WESTFIELD, Mass. (The Westfield News) – An apparent ‘dead-end’ case has been cleared, and a suspect has been arraigned, thanks to the work of a pair of city dispatchers.
Det. Sgt. Stephen K. Dickinson reports that he responded to a shoplifting incident Aug. 14 in which a male party had attempted to push a shopping cart, laden with merchandise valued at $641, out of a local supermarket.
When the man was accosted by the store manager, Dickinson reports, he told the manager that he had to return to his vehicle to get his wallet and left the cart when he went back to his pickup truck. The man did not return to pay for his cart-load of groceries and the manager didn’t note the registration number on the white pickup truck when it drove away, Dickinson said.
“We had nothing to go on”, he said, until he enlisted the help of two of the city’s emergency dispatchers, Kelly Garfield and Kim Racicot. “It was really them who broke the case,” Dickinson said, “They did the work.”
Dickinson said that, based on the security video image of the truck, he guessed it to be a Toyota Tundra and he asked the two dispatchers to research all the white Toyota Tundra pickup trucks which have come to police attention in the city.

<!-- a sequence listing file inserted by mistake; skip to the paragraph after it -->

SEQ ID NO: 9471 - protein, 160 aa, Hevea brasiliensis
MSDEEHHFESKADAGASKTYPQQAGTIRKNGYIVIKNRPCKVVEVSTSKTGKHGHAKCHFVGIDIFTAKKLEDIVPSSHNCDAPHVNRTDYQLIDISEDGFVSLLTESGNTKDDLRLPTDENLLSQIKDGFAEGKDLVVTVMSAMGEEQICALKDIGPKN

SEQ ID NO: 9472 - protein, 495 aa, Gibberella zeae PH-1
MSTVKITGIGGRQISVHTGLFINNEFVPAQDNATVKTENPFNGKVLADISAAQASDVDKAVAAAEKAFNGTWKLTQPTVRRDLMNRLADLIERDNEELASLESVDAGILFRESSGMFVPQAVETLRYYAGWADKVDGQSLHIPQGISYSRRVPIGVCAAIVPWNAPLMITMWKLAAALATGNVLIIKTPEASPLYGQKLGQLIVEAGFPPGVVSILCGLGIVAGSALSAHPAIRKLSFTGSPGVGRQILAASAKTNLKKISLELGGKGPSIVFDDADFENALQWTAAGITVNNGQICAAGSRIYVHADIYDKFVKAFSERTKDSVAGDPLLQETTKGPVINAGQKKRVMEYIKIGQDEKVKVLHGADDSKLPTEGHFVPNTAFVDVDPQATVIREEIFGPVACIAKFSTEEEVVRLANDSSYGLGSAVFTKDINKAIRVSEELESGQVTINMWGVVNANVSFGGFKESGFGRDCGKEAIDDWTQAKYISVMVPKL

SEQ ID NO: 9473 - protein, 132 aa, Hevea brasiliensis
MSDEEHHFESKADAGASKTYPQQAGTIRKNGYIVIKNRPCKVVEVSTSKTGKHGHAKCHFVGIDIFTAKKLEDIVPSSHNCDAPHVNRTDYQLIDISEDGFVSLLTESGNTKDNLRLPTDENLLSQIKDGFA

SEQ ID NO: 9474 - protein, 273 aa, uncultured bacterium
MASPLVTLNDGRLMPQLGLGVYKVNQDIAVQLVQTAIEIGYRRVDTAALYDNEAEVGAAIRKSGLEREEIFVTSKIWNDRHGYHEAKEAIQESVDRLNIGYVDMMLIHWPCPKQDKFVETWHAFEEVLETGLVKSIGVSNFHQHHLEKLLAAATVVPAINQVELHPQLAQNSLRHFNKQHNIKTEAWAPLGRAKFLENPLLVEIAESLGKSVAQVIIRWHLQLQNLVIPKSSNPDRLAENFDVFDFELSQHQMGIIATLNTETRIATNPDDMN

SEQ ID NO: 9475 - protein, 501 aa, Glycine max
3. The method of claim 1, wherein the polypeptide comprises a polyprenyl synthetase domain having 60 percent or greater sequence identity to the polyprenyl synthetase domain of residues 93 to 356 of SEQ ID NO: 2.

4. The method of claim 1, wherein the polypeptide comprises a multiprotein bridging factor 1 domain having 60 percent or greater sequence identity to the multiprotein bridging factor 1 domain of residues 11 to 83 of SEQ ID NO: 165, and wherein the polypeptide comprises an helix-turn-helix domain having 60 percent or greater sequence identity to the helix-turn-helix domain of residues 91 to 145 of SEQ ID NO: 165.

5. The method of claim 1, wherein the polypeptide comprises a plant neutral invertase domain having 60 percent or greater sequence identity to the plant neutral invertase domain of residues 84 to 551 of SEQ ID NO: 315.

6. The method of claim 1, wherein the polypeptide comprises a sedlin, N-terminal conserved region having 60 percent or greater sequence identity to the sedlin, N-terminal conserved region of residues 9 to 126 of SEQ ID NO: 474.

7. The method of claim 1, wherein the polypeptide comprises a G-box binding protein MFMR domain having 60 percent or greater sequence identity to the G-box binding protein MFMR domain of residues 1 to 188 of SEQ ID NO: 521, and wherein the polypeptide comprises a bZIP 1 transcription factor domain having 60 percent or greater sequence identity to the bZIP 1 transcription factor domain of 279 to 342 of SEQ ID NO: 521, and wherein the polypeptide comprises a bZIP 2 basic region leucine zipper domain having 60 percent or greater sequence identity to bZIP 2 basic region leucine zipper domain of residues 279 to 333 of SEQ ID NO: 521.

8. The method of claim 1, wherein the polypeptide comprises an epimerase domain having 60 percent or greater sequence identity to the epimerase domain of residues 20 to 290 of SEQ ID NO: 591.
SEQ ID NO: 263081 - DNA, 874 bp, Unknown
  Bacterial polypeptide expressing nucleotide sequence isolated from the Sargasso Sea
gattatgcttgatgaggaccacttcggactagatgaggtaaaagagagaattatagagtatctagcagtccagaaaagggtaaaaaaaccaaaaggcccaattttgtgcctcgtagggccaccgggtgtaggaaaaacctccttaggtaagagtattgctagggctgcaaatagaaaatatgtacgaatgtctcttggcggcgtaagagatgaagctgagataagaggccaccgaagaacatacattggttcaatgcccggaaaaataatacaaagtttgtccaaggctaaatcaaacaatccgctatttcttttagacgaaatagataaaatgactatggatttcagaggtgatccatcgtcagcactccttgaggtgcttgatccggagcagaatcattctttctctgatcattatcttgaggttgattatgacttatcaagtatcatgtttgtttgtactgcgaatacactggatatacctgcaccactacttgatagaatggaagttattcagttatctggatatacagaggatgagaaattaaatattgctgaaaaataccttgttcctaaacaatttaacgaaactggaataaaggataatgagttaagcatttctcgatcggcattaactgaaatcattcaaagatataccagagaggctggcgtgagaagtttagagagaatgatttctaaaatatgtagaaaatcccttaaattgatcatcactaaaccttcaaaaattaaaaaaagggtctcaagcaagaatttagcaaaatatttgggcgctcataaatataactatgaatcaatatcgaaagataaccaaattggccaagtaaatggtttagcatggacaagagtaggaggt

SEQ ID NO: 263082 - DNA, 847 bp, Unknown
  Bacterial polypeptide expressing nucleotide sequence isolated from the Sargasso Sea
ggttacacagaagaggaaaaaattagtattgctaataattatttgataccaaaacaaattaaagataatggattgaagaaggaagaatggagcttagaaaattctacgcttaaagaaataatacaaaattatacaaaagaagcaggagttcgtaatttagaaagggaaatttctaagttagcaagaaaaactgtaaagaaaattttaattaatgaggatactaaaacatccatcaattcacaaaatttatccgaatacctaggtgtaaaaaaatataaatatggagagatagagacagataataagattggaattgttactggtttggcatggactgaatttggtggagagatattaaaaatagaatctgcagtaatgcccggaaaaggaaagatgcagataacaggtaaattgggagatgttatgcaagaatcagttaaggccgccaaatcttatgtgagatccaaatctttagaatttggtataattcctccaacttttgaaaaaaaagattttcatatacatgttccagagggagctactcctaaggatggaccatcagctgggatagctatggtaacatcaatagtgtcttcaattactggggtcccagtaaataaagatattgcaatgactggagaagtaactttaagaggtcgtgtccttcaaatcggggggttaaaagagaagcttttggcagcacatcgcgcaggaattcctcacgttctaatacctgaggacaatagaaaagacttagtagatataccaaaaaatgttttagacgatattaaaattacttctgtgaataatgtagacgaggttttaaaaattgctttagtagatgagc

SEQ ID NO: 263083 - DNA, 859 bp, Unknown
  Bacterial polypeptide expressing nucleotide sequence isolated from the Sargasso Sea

“I gave them the make and model that we thought it would be and they went to work,” he said.
He said that the researchers found a truck which appeared to be likely but it was owned by a female party. Looking into the substance of the incident the truck had been associated with, the dispatchers found that at the time officers encountered the truck it had been operated by the owner’s boyfriend, who was identified.
That name, coupled with pictures of the suspect in the store, led Dickinson to Springfield where, with assistance from Springfield police, he knocked on the suspect’s door. When the man came to the door, Dickinson said, he recognized him to be the man seen on the store’s security video.
Joseph F. Rego, 59, of 12 Pomona St., Springfield, was arrested for larceny of property valued more than $250.
Dickinson pointed out that the large amount of merchandise in the shopping cart, valued at $641, was more than the man and his girlfriend could use. He said that the merchandise included “a wide variety of stuff” including steaks, spare ribs and filet mignon.
“He even had vitamins”, Dickinson said, and explained that, according to Springfield police who assisted him, thieves will typically sell stolen merchandise to neighborhood bodegas.
“There’s no way he could have eaten all that,” Dickinson said.
Rego appeared in Westfield District Court for arraignment on Sept. 11 before Judge Philip A. Contant who noted “Def(endant) has 13 page record of convictions dating back to 1972.”
Contant found him to be indigent and appointed attorney Melissa Bodanza to represent him.
Rego was held in lieu of $500 cash bail pending an Oct. 16 hearing.
Media Credit: The Westfield News